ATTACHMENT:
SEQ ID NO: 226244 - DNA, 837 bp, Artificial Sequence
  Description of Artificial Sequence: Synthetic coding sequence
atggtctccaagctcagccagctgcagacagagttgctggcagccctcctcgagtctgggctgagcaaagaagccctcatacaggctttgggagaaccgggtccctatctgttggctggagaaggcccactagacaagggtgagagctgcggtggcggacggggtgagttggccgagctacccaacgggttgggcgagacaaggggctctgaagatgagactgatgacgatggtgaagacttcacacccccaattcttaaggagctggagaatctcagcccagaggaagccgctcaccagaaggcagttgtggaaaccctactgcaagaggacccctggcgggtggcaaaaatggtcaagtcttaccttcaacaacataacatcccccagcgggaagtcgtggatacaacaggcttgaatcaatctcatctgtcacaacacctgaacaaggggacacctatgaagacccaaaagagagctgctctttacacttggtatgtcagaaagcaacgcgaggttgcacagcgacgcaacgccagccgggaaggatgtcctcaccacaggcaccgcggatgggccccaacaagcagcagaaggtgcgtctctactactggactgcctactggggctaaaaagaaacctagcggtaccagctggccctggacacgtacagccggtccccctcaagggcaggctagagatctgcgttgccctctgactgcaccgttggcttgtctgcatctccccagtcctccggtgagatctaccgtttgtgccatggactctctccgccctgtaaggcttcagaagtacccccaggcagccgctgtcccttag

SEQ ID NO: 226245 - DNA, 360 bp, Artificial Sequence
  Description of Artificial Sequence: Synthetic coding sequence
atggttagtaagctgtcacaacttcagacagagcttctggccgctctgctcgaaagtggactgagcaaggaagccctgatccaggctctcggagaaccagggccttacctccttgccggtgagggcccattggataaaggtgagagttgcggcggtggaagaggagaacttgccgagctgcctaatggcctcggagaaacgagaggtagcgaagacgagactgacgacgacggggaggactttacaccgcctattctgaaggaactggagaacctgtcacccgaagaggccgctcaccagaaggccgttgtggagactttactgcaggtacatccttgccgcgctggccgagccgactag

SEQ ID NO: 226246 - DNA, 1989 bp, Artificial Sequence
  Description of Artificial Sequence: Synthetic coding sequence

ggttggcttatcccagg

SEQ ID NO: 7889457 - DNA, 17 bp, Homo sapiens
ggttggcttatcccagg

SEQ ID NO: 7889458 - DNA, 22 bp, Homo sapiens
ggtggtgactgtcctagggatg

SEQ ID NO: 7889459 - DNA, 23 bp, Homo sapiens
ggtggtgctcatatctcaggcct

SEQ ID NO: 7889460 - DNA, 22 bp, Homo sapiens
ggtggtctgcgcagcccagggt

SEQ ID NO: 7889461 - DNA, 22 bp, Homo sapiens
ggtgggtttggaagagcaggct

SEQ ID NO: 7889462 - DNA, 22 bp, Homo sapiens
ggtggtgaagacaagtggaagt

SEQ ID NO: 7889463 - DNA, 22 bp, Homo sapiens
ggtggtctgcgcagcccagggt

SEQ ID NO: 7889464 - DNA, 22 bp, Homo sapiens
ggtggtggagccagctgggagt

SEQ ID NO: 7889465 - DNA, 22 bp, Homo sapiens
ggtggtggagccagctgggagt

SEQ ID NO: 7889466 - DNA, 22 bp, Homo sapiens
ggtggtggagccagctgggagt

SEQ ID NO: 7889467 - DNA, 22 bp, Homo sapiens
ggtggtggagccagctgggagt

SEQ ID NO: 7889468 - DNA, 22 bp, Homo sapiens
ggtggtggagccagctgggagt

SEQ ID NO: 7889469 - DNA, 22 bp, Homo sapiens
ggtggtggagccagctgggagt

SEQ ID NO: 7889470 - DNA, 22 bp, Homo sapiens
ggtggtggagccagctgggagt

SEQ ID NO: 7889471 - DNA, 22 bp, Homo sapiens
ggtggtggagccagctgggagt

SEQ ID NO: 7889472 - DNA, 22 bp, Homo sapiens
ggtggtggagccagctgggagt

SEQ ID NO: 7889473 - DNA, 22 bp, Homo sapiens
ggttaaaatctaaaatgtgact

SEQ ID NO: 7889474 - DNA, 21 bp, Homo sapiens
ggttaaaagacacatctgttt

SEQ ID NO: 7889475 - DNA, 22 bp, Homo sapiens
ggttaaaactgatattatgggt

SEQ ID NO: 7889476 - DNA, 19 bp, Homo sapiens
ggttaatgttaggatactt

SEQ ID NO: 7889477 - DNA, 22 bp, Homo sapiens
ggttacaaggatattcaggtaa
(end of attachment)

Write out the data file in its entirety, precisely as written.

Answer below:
SEQ ID NO: 226244 - DNA, 837 bp, Artificial Sequence
  Description of Artificial Sequence: Synthetic coding sequence
atggtctccaagctcagccagctgcagacagagttgctggcagccctcctcgagtctgggctgagcaaagaagccctcatacaggctttgggagaaccgggtccctatctgttggctggagaaggcccactagacaagggtgagagctgcggtggcggacggggtgagttggccgagctacccaacgggttgggcgagacaaggggctctgaagatgagactgatgacgatggtgaagacttcacacccccaattcttaaggagctggagaatctcagcccagaggaagccgctcaccagaaggcagttgtggaaaccctactgcaagaggacccctggcgggtggcaaaaatggtcaagtcttaccttcaacaacataacatcccccagcgggaagtcgtggatacaacaggcttgaatcaatctcatctgtcacaacacctgaacaaggggacacctatgaagacccaaaagagagctgctctttacacttggtatgtcagaaagcaacgcgaggttgcacagcgacgcaacgccagccgggaaggatgtcctcaccacaggcaccgcggatgggccccaacaagcagcagaaggtgcgtctctactactggactgcctactggggctaaaaagaaacctagcggtaccagctggccctggacacgtacagccggtccccctcaagggcaggctagagatctgcgttgccctctgactgcaccgttggcttgtctgcatctccccagtcctccggtgagatctaccgtttgtgccatggactctctccgccctgtaaggcttcagaagtacccccaggcagccgctgtcccttag

SEQ ID NO: 226245 - DNA, 360 bp, Artificial Sequence
  Description of Artificial Sequence: Synthetic coding sequence
atggttagtaagctgtcacaacttcagacagagcttctggccgctctgctcgaaagtggactgagcaaggaagccctgatccaggctctcggagaaccagggccttacctccttgccggtgagggcccattggataaaggtgagagttgcggcggtggaagaggagaacttgccgagctgcctaatggcctcggagaaacgagaggtagcgaagacgagactgacgacgacggggaggactttacaccgcctattctgaaggaactggagaacctgtcacccgaagaggccgctcaccagaaggccgttgtggagactttactgcaggtacatccttgccgcgctggccgagccgactag

SEQ ID NO: 226246 - DNA, 1989 bp, Artificial Sequence
  Description of Artificial Sequence: Synthetic coding sequence

ggttggcttatcccagg

SEQ ID NO: 7889457 - DNA, 17 bp, Homo sapiens
ggttggcttatcccagg

SEQ ID NO: 7889458 - DNA, 22 bp, Homo sapiens
ggtggtgactgtcctagggatg

SEQ ID NO: 7889459 - DNA, 23 bp, Homo sapiens
ggtggtgctcatatctcaggcct

SEQ ID NO: 7889460 - DNA, 22 bp, Homo sapiens
ggtggtctgcgcagcccagggt

SEQ ID NO: 7889461 - DNA, 22 bp, Homo sapiens
ggtgggtttggaagagcaggct

SEQ ID NO: 7889462 - DNA, 22 bp, Homo sapiens
ggtggtgaagacaagtggaagt

SEQ ID NO: 7889463 - DNA, 22 bp, Homo sapiens
ggtggtctgcgcagcccagggt

SEQ ID NO: 7889464 - DNA, 22 bp, Homo sapiens
ggtggtggagccagctgggagt

SEQ ID NO: 7889465 - DNA, 22 bp, Homo sapiens
ggtggtggagccagctgggagt

SEQ ID NO: 7889466 - DNA, 22 bp, Homo sapiens
ggtggtggagccagctgggagt

SEQ ID NO: 7889467 - DNA, 22 bp, Homo sapiens
ggtggtggagccagctgggagt

SEQ ID NO: 7889468 - DNA, 22 bp, Homo sapiens
ggtggtggagccagctgggagt

SEQ ID NO: 7889469 - DNA, 22 bp, Homo sapiens
ggtggtggagccagctgggagt

SEQ ID NO: 7889470 - DNA, 22 bp, Homo sapiens
ggtggtggagccagctgggagt

SEQ ID NO: 7889471 - DNA, 22 bp, Homo sapiens
ggtggtggagccagctgggagt

SEQ ID NO: 7889472 - DNA, 22 bp, Homo sapiens
ggtggtggagccagctgggagt

SEQ ID NO: 7889473 - DNA, 22 bp, Homo sapiens
ggttaaaatctaaaatgtgact

SEQ ID NO: 7889474 - DNA, 21 bp, Homo sapiens
ggttaaaagacacatctgttt

SEQ ID NO: 7889475 - DNA, 22 bp, Homo sapiens
ggttaaaactgatattatgggt

SEQ ID NO: 7889476 - DNA, 19 bp, Homo sapiens
ggttaatgttaggatactt

SEQ ID NO: 7889477 - DNA, 22 bp, Homo sapiens
ggttacaaggatattcaggtaa